I read the following sentence in All about datives, or: What's that funny "le" or "me" doing in there? :

Se me quebró el lápiz

I understand that "me" is used to express possession , but what does "se" means here? According to https://dle.rae.es/quebrar , "quebrar" can be used intransitively (eg el lápiz quebró).

1 Answer 1


"quebrarse" (similar to "romperse") is an intransitive pronominal verb. "El lápiz quebró" does not make sense.

Of all the intransitive uses included in DRAE, the only one that is indeed intransitive and non-pronominal is:

  1. intr. Dicho de una empresa o de un negocio: arruinarse (Example: La empresa quebró.)

In all other cases, when intransitive "quebrar" is pronominal: "quebrarse".

- Nuestra relación se quebró.

- El acusado se quebró y confesó la verdad.
  • One more difference between Portuguese and Spanish. In Portuguese, both transitive and intransitive usages are OK. I meant the meaning "13. intr. Ceder, flaquear" before. I thought it applied to the pencil case. Maybe I misunderstood it. Could you give an example with it? Nov 28, 2019 at 12:17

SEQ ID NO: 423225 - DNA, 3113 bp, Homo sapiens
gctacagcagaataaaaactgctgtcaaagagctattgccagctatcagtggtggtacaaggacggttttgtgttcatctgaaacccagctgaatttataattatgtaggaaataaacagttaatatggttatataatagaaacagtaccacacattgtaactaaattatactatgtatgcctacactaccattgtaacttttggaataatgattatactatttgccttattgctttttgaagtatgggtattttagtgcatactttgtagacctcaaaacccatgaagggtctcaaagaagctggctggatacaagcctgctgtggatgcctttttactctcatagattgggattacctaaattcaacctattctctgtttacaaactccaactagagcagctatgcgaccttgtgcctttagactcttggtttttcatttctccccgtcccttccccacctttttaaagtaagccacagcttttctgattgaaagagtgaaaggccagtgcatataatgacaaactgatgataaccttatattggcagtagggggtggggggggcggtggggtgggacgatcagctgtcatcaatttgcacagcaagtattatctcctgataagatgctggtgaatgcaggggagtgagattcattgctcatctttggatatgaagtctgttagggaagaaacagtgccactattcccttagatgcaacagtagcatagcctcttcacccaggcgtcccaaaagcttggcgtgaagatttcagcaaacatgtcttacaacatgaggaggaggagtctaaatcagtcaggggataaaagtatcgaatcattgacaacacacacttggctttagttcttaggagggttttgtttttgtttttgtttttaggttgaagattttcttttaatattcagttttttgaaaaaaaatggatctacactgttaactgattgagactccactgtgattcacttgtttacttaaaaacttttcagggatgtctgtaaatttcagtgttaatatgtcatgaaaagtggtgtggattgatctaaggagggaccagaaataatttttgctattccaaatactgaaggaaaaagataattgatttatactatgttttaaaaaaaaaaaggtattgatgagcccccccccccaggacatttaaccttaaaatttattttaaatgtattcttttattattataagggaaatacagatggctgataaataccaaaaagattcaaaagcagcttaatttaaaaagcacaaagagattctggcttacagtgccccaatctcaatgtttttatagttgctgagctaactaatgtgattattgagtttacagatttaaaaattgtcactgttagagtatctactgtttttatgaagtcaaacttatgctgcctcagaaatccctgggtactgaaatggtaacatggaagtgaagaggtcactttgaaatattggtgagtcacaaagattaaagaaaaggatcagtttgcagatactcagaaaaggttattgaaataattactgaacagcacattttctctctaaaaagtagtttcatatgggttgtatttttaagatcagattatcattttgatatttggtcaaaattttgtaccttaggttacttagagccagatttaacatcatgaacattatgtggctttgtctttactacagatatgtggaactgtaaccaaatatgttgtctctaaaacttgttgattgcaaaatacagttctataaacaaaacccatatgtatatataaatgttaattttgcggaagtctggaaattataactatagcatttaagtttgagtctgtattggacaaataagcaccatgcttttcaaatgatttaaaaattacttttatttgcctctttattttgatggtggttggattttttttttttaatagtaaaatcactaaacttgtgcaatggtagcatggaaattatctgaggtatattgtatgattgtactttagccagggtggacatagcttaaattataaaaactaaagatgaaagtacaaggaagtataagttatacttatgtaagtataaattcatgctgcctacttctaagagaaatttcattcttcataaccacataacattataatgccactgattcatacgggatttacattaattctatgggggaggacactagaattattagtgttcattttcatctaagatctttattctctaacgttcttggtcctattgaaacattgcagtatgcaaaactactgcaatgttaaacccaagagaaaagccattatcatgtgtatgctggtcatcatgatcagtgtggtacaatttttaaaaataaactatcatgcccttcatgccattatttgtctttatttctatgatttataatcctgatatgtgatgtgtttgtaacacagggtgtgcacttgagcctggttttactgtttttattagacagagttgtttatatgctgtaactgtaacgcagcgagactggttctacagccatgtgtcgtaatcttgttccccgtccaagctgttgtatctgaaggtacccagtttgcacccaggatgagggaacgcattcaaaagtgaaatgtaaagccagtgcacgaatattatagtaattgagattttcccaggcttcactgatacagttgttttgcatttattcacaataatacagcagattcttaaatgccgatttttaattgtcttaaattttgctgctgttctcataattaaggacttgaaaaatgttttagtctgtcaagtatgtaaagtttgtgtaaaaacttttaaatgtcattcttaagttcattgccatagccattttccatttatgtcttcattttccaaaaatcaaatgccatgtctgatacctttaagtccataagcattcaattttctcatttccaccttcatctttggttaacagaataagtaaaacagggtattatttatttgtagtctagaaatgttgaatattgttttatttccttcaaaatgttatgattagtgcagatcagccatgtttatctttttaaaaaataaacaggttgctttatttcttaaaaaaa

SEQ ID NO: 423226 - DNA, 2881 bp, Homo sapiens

• @AlanEvangelista Acceptation 13 corresponds to the example: El acusado se quebró (meaning: broke down or gave up/in)
    – Gustavson
    Nov 28, 2019 at 12:22
  • Thanks! So I suppose that the DLE doesn't indicate when the reflexive pronoun is required in a specific meaning of the verb? It'd be clearer to mark that verb usage as pronominal. Nov 28, 2019 at 12:32
  • 1
    @AlanEvangelista I find the DLE to be highly defective in this and many other aspects.
    – Gustavson
    Nov 28, 2019 at 12:43

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